A Natural Aquaponic Ecosystem
An ecosystem is a biological community of interacting organisms and their physical environment. Incorporating liv- ing organisms into the environment around you can encourage a healthy ecosystem or damage it.
One type of manmade ecosystem, which mimics nature, is aquaponics. When a well-planned aquaponic system of bacteria, fish and plants, becomes established, the system can become almost self-sustaining with minimal effort.
There are many types of aquaponic kits and elaborate engineering plans for people to set up their very own; however, I like a simple approach to blending things into nature.
The kind of system I like doesn’t contain pipes, wires, containers of water or a complicated tubing and filtration system; it doesn’t even require a power source. Think about a small mountain lake or pond out in the middle of nowhere. It isn’t being cared for with chemicals and pow-er. How does it work?
Every landscape, soil type and resource type is different. There is no “one size fits all” when creating any micro ecosystem. Nevertheless, all we need to create a peaceful water ecosystem is a year-round creek or spring of any size, the nearby soil, rocks and plants, and a bit of elbow grease to lay it out and work everything into place. When built correctly, the native aquatic life will start moving in on its own.
It’s good to look at the natural landscaping, rock formations, flow of water, possibility of any flooding, and any other benefits or disadvantages of an area before deciding on a location. Finding a tranquil stream, cascading down the rocky hillside, shepherds my mind into the possibilities of a quite hide-a-way refuge.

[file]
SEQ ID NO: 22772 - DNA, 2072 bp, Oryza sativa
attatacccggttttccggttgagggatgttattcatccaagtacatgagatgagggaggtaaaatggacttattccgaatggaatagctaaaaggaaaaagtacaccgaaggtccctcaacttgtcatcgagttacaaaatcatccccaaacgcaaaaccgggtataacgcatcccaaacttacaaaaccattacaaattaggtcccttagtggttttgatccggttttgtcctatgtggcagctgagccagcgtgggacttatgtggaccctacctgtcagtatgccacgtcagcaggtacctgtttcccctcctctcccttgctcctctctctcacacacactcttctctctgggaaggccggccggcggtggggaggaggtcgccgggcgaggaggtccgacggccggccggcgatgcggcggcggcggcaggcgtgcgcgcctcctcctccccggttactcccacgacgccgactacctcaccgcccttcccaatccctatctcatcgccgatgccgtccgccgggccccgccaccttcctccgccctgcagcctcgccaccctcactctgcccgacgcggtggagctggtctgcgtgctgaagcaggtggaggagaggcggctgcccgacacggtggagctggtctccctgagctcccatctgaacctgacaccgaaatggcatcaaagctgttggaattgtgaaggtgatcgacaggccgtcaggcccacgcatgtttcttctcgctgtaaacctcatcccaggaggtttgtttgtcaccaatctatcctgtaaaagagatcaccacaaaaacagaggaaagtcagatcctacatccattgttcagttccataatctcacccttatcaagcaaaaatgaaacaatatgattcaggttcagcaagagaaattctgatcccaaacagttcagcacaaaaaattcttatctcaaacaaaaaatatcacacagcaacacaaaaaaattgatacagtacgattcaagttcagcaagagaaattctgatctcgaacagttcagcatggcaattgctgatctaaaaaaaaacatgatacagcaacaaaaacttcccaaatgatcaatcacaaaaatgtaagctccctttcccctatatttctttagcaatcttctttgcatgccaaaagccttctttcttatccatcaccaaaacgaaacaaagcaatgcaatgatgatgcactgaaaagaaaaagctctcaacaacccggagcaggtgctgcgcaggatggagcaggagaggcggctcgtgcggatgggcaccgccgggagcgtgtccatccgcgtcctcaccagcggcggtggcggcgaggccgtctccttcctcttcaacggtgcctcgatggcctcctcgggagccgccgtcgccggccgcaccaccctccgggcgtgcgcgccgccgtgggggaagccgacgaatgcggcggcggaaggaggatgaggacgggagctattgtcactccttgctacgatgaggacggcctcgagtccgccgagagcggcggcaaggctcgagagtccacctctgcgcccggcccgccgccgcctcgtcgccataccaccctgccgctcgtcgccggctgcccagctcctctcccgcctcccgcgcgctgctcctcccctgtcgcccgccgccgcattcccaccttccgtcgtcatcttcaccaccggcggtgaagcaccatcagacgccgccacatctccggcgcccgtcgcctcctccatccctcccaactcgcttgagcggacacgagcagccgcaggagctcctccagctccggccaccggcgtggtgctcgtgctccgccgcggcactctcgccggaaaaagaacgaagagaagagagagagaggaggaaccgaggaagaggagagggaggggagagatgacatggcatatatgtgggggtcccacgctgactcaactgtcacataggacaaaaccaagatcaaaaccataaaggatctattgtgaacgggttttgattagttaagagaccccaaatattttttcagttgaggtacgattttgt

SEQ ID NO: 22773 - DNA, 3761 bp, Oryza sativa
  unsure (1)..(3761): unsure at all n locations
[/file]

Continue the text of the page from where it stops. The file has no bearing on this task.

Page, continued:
I want my aquaponic system to be as natural as possible. Determining the percolation or drainage rates of an area can be done by completing a simple self-administered perc test. The rate of the stream flowing into the future pond must be equal to or greater than the absorption rate of the soil. The slope of the landscaping should be gradual enough that erosion is at a minimum while new plants get established, but sloped enough to ensure a good flow of water into the pooling area so it stays filled. Overflow systems need to be built into the design of the pond to prevent flooding and wash out. A pond liner should not be needed if a good location is found.
Because of seasonal highs and lows of water flow, I would not build the pond within the direct path of a stream. Just a side note: a small hole dug out in the stream can be helpful in persuading native fish to hang around while the main system is being constructed.
Watching how the water flows throughout the year is very beneficial when determining how close to build a pond. It is also a lot easier to build next to a stream; the water does not need to be diverted during the building process. Once the pond, overflow system, and other downstream features are completed, creating an inlet for the water to flow into the pond is fairly simple. Careful attention should be made to the flow rate and direction. An acute angle of flow to backfill the water may help keep excess debris out of the pond while allowing adequate water fill and fish traffic. Building inlets to miti- gate volume change, throughout droughts and floods, help preserve the integrity of the pond walls, features and bio organisms.